Presidents Cup 2022: Prompted by LIV, Davis Love III spoke up about the future of golf

Presidents Cup 2022: Prompted by LIV, Davis Love III spoke up about the future of golf
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Sitting on the edge of a wooden bench in front of his locker at Firestone Country Club in Akron, Ohio, in early July, Davis Love III looked somewhat excited, even though he had just finished the Bridgestone Senior Player Championship with a two-over 72. Love had things on his mind, and he needed no prompting to start ridding himself of the tension that had built up inside his trim 6-foot-3 frame.

‘The more I think about what’s going on in the golf world, the more I see this as an attempt at a hostile takeover,’ Love said as he slowly removed his shoes. I mean, this is a hostile takeover. It’s a hostile takeover, so we have to look at it.

Since that day, no member of the PGA Tour has been more clearly opposed to the developing LIV Golf Series than the U.S. captain of the 14th Presidents Cup at the Quail Hollow Club in Charlotte. A native of the Queen City, Love is a lifetime member of the Tour with 21 wins to his credit, including the 1997 PGA Championship and two Players Championship victories. He has also lived his life under the banner of the golf establishment. He is the son of a PGA of America professional and a stalwart of the PGA Tour Policy Committee, most recently serving five terms as Player Director in 2018.

PGA Tour devotees Rory McIlroy, Justin Thomas, and Billy Horschel are among today’s vocal players defending their turf as LIV Golf poaches and advances through golf’s top player collection. But for Love, the ongoing turmoil in the game is a personal affront; he got a behind-the-scenes look at the Presidents Cup in 1993 when Arnold Palmer beat Greg Norman at Bay Hill in 1994. That was when the sharks tried to drive a wedge into the golf world with their World Tour proposal.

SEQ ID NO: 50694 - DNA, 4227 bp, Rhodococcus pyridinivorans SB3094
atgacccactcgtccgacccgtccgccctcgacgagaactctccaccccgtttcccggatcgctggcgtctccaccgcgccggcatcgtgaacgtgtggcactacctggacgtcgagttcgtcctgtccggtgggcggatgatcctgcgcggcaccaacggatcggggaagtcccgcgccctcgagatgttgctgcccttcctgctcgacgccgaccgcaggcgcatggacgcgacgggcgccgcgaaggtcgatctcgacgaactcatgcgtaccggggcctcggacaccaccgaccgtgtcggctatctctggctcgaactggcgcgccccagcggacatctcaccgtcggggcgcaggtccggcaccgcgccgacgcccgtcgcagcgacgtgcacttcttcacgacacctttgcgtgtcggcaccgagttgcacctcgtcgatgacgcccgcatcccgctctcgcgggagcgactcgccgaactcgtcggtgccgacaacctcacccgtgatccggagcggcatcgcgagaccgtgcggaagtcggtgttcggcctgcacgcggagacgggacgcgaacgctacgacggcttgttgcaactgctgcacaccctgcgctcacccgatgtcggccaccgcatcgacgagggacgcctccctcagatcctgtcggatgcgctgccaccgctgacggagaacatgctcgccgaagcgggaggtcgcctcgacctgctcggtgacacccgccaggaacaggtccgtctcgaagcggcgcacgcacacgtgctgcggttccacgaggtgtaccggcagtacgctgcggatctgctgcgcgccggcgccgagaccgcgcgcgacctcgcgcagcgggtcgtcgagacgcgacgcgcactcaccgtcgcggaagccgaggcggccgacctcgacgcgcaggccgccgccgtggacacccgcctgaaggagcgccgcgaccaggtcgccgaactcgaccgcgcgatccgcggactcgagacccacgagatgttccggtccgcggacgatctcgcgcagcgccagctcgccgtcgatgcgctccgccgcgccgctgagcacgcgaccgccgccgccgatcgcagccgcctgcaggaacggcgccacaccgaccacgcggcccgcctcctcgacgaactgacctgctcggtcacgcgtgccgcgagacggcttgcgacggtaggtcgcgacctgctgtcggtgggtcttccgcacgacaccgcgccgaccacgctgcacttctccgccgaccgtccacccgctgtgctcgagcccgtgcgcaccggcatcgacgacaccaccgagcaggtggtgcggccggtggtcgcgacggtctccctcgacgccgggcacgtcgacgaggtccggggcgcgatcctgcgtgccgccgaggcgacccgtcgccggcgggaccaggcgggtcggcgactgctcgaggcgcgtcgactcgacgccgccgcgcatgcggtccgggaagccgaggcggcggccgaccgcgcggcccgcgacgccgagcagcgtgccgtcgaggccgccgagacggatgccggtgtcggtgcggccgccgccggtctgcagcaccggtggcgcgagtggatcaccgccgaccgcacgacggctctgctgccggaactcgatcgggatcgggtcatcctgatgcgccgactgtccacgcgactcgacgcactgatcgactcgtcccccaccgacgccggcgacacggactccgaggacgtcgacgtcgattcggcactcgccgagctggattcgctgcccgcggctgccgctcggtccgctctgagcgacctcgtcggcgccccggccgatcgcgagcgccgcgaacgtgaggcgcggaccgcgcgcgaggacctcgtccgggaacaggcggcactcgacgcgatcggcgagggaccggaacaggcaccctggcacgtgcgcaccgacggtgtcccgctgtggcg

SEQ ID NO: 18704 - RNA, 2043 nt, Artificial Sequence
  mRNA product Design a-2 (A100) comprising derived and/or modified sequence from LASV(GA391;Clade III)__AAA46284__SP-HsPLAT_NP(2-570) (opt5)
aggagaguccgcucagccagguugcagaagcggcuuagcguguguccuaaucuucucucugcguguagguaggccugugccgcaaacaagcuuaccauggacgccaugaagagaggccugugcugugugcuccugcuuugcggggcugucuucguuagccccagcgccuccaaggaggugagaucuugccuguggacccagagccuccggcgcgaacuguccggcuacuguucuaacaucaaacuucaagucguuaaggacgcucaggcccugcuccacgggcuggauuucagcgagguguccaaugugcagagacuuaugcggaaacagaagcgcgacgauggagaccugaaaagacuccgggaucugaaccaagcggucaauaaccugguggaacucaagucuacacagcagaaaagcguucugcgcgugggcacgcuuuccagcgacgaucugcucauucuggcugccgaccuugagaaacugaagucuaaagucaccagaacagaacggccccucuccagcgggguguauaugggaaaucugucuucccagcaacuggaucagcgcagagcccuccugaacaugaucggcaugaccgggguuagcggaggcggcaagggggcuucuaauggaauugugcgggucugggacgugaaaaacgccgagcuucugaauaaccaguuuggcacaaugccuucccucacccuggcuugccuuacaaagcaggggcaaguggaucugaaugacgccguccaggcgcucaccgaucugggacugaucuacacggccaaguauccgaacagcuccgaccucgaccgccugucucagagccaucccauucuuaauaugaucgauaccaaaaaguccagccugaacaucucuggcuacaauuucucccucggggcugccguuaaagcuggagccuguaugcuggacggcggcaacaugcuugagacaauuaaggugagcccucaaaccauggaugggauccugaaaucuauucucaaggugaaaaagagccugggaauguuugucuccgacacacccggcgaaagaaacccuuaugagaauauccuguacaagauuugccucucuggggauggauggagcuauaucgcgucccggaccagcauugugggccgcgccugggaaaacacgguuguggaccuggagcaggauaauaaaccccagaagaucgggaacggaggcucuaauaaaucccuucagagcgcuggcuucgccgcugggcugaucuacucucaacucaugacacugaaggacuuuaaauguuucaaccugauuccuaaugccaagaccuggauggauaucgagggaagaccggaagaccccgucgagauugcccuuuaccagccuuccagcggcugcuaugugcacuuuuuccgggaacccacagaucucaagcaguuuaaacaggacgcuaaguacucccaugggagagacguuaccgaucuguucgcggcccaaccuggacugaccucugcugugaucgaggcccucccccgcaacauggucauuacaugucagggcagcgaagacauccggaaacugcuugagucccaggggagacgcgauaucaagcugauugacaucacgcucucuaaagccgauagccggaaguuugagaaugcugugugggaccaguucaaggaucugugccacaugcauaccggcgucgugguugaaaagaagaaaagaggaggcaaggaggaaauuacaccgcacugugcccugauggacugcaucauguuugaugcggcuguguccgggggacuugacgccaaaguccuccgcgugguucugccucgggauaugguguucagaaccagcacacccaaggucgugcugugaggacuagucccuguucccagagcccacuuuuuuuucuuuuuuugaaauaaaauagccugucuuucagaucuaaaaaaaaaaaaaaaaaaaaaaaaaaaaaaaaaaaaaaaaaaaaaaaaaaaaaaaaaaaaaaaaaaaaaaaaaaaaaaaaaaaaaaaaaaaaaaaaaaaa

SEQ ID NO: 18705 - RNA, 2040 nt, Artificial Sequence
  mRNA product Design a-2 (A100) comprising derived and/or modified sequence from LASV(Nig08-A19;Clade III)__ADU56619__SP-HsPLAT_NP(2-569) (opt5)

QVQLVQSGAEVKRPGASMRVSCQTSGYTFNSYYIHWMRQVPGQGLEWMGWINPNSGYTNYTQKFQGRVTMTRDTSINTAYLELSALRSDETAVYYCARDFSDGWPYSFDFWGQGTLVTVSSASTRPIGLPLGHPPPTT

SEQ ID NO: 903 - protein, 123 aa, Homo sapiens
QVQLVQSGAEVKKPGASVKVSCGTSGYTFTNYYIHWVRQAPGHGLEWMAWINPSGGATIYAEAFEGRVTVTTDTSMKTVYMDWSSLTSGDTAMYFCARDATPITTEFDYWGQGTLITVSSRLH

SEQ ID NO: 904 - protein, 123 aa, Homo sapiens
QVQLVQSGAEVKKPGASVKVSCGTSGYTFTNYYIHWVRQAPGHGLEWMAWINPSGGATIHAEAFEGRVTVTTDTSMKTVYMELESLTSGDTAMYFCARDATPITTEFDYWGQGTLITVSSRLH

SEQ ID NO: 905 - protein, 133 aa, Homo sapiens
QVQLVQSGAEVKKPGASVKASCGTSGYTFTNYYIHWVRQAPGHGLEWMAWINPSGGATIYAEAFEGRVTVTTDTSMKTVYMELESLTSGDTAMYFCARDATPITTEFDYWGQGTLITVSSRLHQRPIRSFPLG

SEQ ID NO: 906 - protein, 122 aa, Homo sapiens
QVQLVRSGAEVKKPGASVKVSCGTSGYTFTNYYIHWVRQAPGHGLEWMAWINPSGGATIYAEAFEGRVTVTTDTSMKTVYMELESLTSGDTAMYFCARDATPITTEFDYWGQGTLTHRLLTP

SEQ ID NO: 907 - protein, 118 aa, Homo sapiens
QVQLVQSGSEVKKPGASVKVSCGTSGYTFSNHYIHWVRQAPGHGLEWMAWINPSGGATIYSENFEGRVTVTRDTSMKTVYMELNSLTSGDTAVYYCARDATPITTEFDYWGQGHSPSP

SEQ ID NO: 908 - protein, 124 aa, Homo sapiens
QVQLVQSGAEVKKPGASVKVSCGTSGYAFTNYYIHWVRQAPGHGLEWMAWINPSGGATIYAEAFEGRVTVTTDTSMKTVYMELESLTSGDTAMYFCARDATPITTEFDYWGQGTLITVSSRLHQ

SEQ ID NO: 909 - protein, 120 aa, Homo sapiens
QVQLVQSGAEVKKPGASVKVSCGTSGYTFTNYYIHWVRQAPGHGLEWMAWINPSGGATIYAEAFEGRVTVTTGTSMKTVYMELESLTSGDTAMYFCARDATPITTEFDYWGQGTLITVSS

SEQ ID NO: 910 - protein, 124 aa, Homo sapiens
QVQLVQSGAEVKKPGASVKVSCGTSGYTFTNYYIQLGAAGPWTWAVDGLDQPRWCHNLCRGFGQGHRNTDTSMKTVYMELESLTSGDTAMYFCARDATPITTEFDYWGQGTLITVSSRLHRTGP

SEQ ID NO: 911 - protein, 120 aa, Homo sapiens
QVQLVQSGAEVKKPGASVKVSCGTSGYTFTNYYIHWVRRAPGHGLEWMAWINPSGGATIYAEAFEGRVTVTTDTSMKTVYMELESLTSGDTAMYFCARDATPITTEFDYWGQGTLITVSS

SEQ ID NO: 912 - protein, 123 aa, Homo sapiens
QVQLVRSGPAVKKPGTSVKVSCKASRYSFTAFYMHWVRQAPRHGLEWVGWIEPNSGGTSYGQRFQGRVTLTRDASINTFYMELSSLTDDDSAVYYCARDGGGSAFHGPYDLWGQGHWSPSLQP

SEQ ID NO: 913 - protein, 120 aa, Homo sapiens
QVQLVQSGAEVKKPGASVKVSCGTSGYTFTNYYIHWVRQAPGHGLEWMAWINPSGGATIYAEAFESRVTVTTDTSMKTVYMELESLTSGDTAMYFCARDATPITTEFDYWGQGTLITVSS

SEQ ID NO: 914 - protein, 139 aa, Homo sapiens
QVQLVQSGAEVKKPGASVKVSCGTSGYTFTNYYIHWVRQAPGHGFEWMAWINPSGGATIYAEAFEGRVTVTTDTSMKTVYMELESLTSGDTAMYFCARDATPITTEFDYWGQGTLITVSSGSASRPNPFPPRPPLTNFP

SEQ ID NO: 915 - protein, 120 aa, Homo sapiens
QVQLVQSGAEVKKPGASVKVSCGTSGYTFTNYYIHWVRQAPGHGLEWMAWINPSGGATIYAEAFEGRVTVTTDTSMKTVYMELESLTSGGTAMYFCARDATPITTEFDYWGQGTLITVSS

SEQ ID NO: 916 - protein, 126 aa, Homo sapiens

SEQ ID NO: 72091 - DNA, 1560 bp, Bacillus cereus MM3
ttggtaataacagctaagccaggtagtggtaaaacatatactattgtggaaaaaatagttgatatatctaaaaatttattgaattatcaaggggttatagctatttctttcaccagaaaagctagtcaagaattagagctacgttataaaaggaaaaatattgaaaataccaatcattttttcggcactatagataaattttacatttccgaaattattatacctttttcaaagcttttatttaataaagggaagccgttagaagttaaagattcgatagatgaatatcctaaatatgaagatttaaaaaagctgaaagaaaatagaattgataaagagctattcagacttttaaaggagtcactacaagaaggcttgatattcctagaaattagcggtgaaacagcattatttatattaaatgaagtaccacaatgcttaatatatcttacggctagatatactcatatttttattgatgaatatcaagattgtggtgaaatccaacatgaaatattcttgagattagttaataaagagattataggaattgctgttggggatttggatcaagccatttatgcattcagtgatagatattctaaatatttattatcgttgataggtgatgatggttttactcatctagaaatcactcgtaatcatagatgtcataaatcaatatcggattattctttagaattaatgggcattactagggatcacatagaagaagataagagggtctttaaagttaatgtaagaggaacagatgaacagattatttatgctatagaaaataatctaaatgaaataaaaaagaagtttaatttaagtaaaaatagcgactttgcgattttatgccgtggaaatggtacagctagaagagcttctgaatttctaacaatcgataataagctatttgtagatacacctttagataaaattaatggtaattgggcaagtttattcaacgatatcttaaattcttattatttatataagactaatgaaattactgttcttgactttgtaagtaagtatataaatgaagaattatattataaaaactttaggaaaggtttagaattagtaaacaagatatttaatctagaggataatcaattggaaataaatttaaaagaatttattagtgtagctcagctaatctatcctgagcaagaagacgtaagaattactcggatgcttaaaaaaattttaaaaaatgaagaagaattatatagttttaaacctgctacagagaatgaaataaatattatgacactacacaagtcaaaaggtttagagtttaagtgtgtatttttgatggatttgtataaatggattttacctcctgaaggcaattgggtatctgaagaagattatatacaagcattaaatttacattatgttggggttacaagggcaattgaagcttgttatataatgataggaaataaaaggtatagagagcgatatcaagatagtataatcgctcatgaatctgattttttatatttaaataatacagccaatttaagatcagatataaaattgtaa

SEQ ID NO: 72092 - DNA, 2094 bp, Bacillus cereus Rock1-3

Even more relevant to LIV Golf’s battle against today’s venerable Tour is the fact that Love was among a group of players who went to Washington, DC, in 1995 and filed a lawsuit against the Federal Trade Commission for violations of the Tour’s antitrust laws. As a result, the Tour’s victory protected several important organizational provisions, including its tax-exempt status and ability to bar its members from appearing at non-Tour events without the commissioner’s permission. Consider this precedent when LIV Golf files future antitrust lawsuits against the PGA TOUR.

Throughout his career, friendly and always mindful of his father’s legacy of professionalism, Love has been known to speak in measured tones. Outspoken, yet measured. But in sizing up the financially flush LIV Golf Series, Love feels the need to be more than just a good foot soldier; his comments, including the suggestion that players might collectively choose not to compete in events in which LIV golfers compete, have a commanding There is a good deal of bluster.

Someone said, “Oh, you have found your voice.” I think many of us have found our voice,” Love told Golf Digest last week in a phone interview. “The guy is speaking his mind. I’m just doing my part.

Shortly after he turned 70, former Tour player and longtime NBC Sports golf broadcaster Roger Maltbie said, “With age comes a certain freedom to speak your mind. “Love, 58, agrees to some extent with this statement. He went from being a diplomat to going public under certain circumstances.

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